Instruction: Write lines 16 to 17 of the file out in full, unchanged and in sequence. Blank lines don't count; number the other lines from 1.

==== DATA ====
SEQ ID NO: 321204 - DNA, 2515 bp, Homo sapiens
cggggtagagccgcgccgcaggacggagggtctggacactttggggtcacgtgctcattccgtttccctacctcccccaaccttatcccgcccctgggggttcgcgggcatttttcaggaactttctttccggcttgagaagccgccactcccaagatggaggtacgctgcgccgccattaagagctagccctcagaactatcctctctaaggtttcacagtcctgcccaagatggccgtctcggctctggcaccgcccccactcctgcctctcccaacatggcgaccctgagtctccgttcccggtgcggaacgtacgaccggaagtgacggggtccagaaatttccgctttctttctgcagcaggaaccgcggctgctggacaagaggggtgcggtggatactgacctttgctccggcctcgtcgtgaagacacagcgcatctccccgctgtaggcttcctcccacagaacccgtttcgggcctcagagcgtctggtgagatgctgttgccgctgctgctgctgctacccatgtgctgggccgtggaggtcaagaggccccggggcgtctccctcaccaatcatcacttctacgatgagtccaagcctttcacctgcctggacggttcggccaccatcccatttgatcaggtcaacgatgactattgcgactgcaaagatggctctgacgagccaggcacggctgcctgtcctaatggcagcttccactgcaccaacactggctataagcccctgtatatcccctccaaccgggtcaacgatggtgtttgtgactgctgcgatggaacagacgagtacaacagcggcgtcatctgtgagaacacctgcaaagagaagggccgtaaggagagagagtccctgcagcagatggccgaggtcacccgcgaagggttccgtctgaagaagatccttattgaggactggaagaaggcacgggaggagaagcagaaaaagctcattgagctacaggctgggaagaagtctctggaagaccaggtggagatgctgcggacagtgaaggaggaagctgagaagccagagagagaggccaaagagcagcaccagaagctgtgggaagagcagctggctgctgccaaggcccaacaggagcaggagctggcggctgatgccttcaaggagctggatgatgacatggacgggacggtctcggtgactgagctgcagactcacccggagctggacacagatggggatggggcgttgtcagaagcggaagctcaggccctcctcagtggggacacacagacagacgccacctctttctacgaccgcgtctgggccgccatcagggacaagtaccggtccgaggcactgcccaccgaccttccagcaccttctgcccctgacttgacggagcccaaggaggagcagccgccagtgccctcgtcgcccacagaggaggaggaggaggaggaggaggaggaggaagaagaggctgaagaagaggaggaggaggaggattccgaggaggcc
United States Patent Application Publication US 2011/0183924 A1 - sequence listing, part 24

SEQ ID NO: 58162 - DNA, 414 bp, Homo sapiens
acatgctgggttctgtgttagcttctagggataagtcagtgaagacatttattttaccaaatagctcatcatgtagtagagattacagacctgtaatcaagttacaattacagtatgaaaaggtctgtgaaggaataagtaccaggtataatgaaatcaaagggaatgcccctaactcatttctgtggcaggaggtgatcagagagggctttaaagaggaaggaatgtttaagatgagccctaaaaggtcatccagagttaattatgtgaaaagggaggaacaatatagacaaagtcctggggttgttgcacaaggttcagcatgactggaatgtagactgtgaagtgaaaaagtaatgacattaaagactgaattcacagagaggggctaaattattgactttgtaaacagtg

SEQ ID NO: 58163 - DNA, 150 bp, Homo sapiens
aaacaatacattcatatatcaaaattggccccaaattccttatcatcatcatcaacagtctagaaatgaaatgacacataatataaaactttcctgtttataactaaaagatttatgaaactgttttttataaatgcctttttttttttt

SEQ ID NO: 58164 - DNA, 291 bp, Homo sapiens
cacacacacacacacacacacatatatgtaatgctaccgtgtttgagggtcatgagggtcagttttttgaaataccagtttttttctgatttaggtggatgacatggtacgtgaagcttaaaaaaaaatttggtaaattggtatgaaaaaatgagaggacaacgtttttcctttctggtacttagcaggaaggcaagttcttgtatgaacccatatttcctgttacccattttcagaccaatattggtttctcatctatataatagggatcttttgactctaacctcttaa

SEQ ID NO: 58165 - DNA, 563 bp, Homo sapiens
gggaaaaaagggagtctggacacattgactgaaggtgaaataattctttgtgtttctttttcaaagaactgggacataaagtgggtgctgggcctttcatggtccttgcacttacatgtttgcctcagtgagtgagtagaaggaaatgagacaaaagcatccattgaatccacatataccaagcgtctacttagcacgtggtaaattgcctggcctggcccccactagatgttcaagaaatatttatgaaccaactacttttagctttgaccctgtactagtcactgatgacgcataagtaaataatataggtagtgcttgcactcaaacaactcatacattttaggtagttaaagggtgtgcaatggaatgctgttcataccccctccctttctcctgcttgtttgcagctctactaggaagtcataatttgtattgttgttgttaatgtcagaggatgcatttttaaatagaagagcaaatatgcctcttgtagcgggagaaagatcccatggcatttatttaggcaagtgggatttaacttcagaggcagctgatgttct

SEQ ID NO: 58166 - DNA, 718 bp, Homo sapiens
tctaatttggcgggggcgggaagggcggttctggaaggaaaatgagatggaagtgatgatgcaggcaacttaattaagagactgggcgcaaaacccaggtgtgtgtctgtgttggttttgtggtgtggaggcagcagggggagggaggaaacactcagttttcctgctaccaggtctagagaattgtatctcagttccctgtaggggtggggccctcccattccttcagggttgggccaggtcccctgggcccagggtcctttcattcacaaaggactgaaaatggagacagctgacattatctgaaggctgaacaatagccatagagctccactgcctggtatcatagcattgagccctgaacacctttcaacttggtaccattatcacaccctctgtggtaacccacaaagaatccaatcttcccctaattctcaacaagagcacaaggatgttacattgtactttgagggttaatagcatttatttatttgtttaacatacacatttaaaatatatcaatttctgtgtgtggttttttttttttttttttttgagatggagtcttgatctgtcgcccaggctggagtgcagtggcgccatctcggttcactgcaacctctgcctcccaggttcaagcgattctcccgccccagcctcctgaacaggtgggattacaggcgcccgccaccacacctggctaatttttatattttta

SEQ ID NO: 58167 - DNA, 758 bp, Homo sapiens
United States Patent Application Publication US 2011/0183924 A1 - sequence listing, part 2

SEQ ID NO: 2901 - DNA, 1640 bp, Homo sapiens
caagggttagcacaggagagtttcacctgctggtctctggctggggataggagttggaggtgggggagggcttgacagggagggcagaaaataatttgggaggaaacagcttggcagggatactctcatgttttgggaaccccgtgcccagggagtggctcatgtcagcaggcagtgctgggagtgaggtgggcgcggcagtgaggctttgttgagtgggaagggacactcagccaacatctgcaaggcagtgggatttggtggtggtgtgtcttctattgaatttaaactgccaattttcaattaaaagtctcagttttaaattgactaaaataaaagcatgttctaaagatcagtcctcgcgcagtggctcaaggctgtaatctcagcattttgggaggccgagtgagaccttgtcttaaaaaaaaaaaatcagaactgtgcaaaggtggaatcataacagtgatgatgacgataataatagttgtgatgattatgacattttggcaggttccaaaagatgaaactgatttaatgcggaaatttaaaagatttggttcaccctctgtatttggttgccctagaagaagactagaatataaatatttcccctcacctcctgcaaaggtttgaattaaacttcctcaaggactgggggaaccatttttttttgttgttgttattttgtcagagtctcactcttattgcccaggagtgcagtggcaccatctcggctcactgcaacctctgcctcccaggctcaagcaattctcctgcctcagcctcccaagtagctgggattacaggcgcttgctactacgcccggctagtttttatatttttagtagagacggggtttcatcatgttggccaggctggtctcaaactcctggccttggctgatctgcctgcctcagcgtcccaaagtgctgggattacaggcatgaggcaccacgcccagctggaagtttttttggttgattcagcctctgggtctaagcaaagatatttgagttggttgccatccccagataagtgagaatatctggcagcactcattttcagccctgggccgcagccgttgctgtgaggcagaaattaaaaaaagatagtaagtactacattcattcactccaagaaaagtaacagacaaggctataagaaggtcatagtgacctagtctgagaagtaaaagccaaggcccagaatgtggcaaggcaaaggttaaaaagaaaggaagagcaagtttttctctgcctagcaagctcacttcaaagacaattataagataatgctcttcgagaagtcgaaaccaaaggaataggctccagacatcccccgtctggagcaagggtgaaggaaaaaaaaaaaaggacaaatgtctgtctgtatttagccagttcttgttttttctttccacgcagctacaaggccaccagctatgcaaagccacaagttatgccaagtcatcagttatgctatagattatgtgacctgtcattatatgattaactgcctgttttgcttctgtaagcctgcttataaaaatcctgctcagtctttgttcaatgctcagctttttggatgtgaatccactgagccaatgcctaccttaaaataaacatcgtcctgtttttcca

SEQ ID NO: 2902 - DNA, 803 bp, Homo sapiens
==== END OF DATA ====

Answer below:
SEQ ID NO: 2901 - DNA, 1640 bp, Homo sapiens
caagggttagcacaggagagtttcacctgctggtctctggctggggataggagttggaggtgggggagggcttgacagggagggcagaaaataatttgggaggaaacagcttggcagggatactctcatgttttgggaaccccgtgcccagggagtggctcatgtcagcaggcagtgctgggagtgaggtgggcgcggcagtgaggctttgttgagtgggaagggacactcagccaacatctgcaaggcagtgggatttggtggtggtgtgtcttctattgaatttaaactgccaattttcaattaaaagtctcagttttaaattgactaaaataaaagcatgttctaaagatcagtcctcgcgcagtggctcaaggctgtaatctcagcattttgggaggccgagtgagaccttgtcttaaaaaaaaaaaatcagaactgtgcaaaggtggaatcataacagtgatgatgacgataataatagttgtgatgattatgacattttggcaggttccaaaagatgaaactgatttaatgcggaaatttaaaagatttggttcaccctctgtatttggttgccctagaagaagactagaatataaatatttcccctcacctcctgcaaaggtttgaattaaacttcctcaaggactgggggaaccatttttttttgttgttgttattttgtcagagtctcactcttattgcccaggagtgcagtggcaccatctcggctcactgcaacctctgcctcccaggctcaagcaattctcctgcctcagcctcccaagtagctgggattacaggcgcttgctactacgcccggctagtttttatatttttagtagagacggggtttcatcatgttggccaggctggtctcaaactcctggccttggctgatctgcctgcctcagcgtcccaaagtgctgggattacaggcatgaggcaccacgcccagctggaagtttttttggttgattcagcctctgggtctaagcaaagatatttgagttggttgccatccccagataagtgagaatatctggcagcactcattttcagccctgggccgcagccgttgctgtgaggcagaaattaaaaaaagatagtaagtactacattcattcactccaagaaaagtaacagacaaggctataagaaggtcatagtgacctagtctgagaagtaaaagccaaggcccagaatgtggcaaggcaaaggttaaaaagaaaggaagagcaagtttttctctgcctagcaagctcacttcaaagacaattataagataatgctcttcgagaagtcgaaaccaaaggaataggctccagacatcccccgtctggagcaagggtgaaggaaaaaaaaaaaaggacaaatgtctgtctgtatttagccagttcttgttttttctttccacgcagctacaaggccaccagctatgcaaagccacaagttatgccaagtcatcagttatgctatagattatgtgacctgtcattatatgattaactgcctgttttgcttctgtaagcctgcttataaaaatcctgctcagtctttgttcaatgctcagctttttggatgtgaatccactgagccaatgcctaccttaaaataaacatcgtcctgtttttcca